State Standards for PCMHs Continue to Evolve

BY BRENDAN ABEL
MMS ASSISTANT COUNSEL

Patient-centered medical homes (PCMHs) have emerged over the past several years as an impactful, data-driven innovation in the delivery of primary care. Rooted in team-based care, PCMHs emphasize coordination of care and communication between a care team and the patient. Mounting evidence indicates the PCMH model supports high quality and cost savings to practices that have transformed and reorganized practices to it.

In light of this evidence base, the Massachusetts legislature featured the promotion of PCMHs in its comprehensive health care cost containment bill, Chapter 224. Specifically, Chapter 224 charged the Health Policy Commission to create a PCMH certification program. The bill outlines two levels of PCMH certification — a baseline model and a best practice “Prime” certification.

The Health Policy Commission (HPC) had a tough task initially — the certification would be voluntary and it would lack defined incentives for providers who achieved it. Also, there is already an existing, well-established PCMH certification program through the National Committee for Quality Assurance (NCQA). The HPC established from the outset that it wanted to align its own certification with the NCQA’s but decided to add behavioral health integration as a key factor to its own certification.

The MMS engaged with the HPC throughout this process to advocate for and provide written comment for a state certification that was closely aligned with NCQA and offered flexibility to practices seeking this certification. Any substantial additions to the NCQA were suggested to be reserved for the heightened “Prime” certification.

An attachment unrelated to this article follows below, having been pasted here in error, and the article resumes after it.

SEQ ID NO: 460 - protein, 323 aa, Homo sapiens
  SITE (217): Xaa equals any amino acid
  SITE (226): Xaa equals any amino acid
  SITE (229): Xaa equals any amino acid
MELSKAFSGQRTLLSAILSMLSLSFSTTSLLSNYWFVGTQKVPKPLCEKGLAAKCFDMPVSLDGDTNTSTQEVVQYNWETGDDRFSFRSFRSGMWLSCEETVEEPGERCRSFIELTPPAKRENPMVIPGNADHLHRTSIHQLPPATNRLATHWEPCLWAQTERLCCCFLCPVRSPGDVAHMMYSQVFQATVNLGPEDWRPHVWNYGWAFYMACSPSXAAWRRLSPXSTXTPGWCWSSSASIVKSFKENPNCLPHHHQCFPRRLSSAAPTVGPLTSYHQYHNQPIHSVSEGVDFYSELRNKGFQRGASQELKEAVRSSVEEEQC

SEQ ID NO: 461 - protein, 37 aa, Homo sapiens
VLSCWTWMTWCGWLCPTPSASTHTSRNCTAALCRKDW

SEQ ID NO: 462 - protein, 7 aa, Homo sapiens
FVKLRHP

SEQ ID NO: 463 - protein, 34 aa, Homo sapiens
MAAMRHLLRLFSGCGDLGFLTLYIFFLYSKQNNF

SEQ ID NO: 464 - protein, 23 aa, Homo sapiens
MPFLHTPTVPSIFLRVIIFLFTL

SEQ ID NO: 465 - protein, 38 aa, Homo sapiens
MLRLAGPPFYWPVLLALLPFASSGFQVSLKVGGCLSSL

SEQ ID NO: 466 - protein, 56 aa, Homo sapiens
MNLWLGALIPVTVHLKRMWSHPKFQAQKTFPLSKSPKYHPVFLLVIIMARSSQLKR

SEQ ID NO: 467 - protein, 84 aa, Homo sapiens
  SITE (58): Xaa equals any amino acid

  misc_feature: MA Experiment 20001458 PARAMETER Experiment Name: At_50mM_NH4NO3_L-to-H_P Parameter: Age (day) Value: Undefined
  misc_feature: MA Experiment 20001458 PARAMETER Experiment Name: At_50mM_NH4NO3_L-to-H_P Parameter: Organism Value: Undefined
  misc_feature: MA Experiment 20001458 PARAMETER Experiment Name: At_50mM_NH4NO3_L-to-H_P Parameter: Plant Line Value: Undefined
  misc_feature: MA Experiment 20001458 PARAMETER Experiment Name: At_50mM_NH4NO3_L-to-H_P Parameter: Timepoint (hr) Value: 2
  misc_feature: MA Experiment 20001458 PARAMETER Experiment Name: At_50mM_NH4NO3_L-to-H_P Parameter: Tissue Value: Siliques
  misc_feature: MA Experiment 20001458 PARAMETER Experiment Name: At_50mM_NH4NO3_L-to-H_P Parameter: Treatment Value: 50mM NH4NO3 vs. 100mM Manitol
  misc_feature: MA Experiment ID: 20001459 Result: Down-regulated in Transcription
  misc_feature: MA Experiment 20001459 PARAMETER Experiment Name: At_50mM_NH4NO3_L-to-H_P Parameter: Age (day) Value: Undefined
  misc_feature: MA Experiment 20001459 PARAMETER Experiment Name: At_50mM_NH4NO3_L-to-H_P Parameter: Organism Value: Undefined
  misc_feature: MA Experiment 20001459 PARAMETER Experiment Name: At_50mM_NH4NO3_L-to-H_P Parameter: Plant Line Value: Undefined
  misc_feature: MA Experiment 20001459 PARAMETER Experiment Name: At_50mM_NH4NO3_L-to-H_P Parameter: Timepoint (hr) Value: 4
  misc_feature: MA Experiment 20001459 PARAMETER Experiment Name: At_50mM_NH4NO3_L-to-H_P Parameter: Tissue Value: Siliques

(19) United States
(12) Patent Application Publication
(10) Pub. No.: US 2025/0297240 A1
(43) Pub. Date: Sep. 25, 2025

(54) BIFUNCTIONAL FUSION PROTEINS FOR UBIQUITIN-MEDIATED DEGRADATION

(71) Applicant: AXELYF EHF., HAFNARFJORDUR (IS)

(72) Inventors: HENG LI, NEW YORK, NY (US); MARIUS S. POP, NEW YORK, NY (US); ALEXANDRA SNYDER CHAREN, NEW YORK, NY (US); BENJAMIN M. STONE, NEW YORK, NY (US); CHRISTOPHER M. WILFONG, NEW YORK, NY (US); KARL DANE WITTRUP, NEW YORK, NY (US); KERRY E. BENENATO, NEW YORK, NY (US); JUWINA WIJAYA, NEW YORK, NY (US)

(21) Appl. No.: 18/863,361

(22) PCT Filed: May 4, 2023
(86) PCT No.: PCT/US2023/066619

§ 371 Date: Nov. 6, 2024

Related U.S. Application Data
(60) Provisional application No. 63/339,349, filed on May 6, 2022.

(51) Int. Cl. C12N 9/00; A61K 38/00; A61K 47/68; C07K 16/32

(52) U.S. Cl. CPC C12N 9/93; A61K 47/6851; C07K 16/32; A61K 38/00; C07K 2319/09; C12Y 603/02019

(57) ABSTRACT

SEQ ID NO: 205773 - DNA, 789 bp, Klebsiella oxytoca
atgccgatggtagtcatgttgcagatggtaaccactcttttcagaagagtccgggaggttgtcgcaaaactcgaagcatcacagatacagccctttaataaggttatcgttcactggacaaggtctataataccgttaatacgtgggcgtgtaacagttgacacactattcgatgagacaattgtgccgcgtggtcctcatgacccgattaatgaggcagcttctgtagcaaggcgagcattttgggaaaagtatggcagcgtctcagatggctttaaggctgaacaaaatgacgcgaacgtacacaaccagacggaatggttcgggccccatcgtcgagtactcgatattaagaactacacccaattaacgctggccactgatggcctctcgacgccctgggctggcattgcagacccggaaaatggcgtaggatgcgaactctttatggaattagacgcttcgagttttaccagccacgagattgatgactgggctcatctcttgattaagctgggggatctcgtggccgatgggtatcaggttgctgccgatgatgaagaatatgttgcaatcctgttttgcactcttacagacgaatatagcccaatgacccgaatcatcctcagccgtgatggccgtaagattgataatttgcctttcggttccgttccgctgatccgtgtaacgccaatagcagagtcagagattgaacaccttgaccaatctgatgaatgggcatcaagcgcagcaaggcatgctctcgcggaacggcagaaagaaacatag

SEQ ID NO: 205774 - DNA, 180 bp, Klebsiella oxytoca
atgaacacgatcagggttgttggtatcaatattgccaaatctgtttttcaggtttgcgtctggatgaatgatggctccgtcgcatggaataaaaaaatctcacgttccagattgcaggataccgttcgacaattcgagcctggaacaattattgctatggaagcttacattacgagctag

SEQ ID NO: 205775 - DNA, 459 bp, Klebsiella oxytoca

After a lengthy development process and a few changes in direction, the HPC recently approved its plan for PCMH certification. For now, any practice who achieves NCQA Level II or Level III or 2014 Recognition will be eligible for the base HPC PCMH certification. Practices will be able to apply for an elevated Prime certification if they achieve NCQA Level II or Level III or 2014 Recognition and they complete an HPC/NCQA Assessment of Behavioral Health Integration. This behavioral health add-on includes factors such integration of developmental, depression, anxiety, and substance use disorder screenings into clinical practice using standardized screens and the promotion of evidence-based mental health and substance use disorder decision support.

The state has allocated funding to the HPC to be used to provide technical assistance to practices who are seeking to obtain the Prime certification. Discussions for the use of this funding include providing training on various behavioral health diagnostic tools, support or training for medically assisted treatments of substance use disorders, and directories for non-prescribing behavioral health directories.

Patient-centered medical home certification can be a great way to improve coordination of care, ultimately leading to high quality and lower cost care. The MMS will continue to provide additional details about the HPC certification process and the technical assistance it plans to provide to help facilitate behavioral health integration.

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